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It's correlated to the effort that we've been expanding -- expending to it. So we now have an international marketing manager that's tasked with building that out. So I'd say Q3 was the period where we really started to test and learn in terms of paid media. Up until then it had been predominantly via organic means. But a part of what's driving the increased investment in content side of things to get more of the library available for Spanish because we are starting to see some decent traction there. It's obviously a big language. You can't just break it down by geography. But from a Spanish-language perspective, we're starting to see some decent traction.

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Jirka Rysavy, Gaia, Inc. - Founder, Chairman & CEO [33]

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Yes. I think that actually both Spanish and German start to have a traction. So based on that, we're translating more titles and we are also obviously producing some on our original language. And -- but that's definitely a promising area. It's -- the last few months, it's running quite ahead of our expectations. So as we talk next time, we might have something to say. But the numbers are very promising. But it's relatively too small right now to really talk about it. But it's the first time I would say that there's definitely some success story. We didn't really focus on it before. We just kind of put a content up there. But both what we call non-English and some international and English version, they both have some very good traction.

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Steven Bruce Frankel, Dougherty & Company LLC, Research Division - Senior VP & Director of Research [34]

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Okay, and how large is international as a percent of your base today?

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Jirka Rysavy, Gaia, Inc. - Founder, Chairman & CEO [35]

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It's about 30%. And so obviously on what we call third party like Comcast and stuff, that's all English, right? So -- but if you take our direct, so it's probably north of 30% and growing. It actually picked up very nicely this quarter. If you think it's important, we can start to provide those numbers too, because those are really easy for us to do because we track them regularly. It's just the number is relatively small. But overall number of non-U. S. subscribers, north of 30%.

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Operator [36]

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Our next question will come from Darren Aftahi with Roth Capital Partners.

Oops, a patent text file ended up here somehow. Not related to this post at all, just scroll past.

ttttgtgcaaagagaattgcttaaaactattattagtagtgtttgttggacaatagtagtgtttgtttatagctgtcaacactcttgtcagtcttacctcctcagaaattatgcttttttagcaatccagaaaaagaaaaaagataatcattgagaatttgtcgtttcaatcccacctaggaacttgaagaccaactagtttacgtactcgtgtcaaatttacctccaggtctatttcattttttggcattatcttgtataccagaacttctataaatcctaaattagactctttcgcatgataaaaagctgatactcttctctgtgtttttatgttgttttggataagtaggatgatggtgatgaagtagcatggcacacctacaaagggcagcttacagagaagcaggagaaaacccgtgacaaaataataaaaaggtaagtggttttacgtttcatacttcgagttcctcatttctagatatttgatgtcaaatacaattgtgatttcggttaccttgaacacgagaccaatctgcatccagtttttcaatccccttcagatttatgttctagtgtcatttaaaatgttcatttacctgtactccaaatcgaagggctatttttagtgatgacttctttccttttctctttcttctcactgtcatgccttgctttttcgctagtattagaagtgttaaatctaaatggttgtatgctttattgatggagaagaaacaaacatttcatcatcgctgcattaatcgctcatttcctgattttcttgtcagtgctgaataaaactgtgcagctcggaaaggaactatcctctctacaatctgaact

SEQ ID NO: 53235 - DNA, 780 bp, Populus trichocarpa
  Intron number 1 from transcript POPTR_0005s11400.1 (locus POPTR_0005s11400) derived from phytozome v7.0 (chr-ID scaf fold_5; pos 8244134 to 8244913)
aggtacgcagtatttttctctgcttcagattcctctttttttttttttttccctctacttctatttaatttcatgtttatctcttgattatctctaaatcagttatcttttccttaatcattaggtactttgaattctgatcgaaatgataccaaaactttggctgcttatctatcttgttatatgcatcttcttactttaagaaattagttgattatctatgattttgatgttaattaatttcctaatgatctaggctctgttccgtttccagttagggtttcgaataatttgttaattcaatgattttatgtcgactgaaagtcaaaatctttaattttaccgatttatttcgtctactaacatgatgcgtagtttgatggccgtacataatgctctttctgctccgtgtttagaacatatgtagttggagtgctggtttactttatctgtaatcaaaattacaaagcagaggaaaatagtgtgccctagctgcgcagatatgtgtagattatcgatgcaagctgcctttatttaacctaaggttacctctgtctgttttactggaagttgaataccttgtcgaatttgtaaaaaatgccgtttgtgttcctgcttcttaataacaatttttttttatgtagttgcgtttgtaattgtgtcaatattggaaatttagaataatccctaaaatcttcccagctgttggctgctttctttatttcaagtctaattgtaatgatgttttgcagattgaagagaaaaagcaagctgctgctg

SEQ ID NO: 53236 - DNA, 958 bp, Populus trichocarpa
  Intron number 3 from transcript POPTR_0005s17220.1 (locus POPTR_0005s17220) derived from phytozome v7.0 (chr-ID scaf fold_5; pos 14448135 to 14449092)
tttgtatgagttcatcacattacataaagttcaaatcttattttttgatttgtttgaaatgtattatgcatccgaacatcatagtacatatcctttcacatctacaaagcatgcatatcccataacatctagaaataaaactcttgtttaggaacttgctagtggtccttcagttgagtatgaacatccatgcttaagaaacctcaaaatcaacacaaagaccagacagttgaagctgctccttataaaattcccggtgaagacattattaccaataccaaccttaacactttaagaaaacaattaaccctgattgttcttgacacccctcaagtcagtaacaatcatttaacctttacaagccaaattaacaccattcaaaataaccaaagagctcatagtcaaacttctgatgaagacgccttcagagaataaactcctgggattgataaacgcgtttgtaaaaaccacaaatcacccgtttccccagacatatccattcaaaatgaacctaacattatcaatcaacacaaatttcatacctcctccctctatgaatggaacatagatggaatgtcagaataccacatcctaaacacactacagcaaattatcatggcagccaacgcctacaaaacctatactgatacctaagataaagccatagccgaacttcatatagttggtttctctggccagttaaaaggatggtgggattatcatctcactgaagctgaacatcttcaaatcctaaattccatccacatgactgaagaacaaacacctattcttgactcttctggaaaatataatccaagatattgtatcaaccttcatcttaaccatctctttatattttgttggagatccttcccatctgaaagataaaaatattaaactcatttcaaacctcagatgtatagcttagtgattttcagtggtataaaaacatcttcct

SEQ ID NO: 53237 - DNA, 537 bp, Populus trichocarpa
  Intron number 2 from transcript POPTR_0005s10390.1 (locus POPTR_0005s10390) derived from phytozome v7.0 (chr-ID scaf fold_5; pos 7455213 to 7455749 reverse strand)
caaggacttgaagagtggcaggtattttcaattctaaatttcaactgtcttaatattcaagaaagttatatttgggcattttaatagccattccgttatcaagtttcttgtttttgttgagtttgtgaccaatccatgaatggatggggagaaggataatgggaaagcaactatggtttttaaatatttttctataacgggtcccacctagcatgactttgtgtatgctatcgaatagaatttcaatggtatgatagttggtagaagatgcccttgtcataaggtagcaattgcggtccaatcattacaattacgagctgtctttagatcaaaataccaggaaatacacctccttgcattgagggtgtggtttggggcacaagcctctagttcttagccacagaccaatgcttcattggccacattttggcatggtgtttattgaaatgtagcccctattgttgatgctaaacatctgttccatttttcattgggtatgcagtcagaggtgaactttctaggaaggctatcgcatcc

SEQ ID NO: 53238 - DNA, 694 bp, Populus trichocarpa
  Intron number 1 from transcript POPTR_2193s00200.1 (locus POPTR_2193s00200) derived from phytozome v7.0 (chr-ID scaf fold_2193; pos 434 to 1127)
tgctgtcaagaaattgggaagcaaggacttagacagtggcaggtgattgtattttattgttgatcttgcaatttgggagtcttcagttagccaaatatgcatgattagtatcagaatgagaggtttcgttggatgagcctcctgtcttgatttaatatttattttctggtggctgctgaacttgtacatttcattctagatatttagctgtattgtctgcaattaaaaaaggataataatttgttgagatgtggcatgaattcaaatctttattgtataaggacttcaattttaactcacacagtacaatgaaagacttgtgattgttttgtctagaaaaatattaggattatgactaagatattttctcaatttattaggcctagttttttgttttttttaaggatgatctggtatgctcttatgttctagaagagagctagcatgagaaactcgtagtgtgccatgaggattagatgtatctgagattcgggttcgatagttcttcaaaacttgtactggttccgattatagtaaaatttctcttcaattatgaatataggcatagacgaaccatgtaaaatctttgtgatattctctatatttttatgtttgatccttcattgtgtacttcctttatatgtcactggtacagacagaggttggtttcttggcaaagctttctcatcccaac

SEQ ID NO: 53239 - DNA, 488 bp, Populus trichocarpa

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Dillon Griffin Heslin, Roth Capital Partners, LLC, Research Division - Research Associate [37]

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This is Dillon on for Darren. I wanted to follow up on an earlier question about subscriber adds. Given that we're a month into 4Q and if I look at current consensus before this report for 4Q, it sort of implied a larger step-up in net adds in the quarter. I am just curious sort of how comfortable you guys were in reaching those numbers. Maybe given that you see some seasonal strength in 4Q and then -- or is it more of a 1Q, once you can sort of piggyback off of the new offering and some of the marketing initiatives. And then I'll have a follow-up later.

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Jirka Rysavy, Gaia, Inc. - Founder, Chairman & CEO [38]

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Well, we don't really talk in the consensus and stuff, but in the first quarter, it's always -- it's a very good quarter for us, pretty much between like mid-October till early February. It's like our best time for us. So you're going to see this year, you saw it last year, and you're going to see it the year after. I think this year, we kind of took a little break of -- I mean, when you have the election last week. But it's not really that impactful. I think, Paul can talk about it. But generally, the 4Q, it's always the best time to do it. We kind of try to do it, especially in months of November because you don't want to really compete before or right before Christmas. But it will be safe for Netflix and anybody in the business. You're going to have a best quarter, the strongest quarter, if it's the first month only.

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Paul C. Tarell, Gaia, Inc. - CFO & Secretary [39]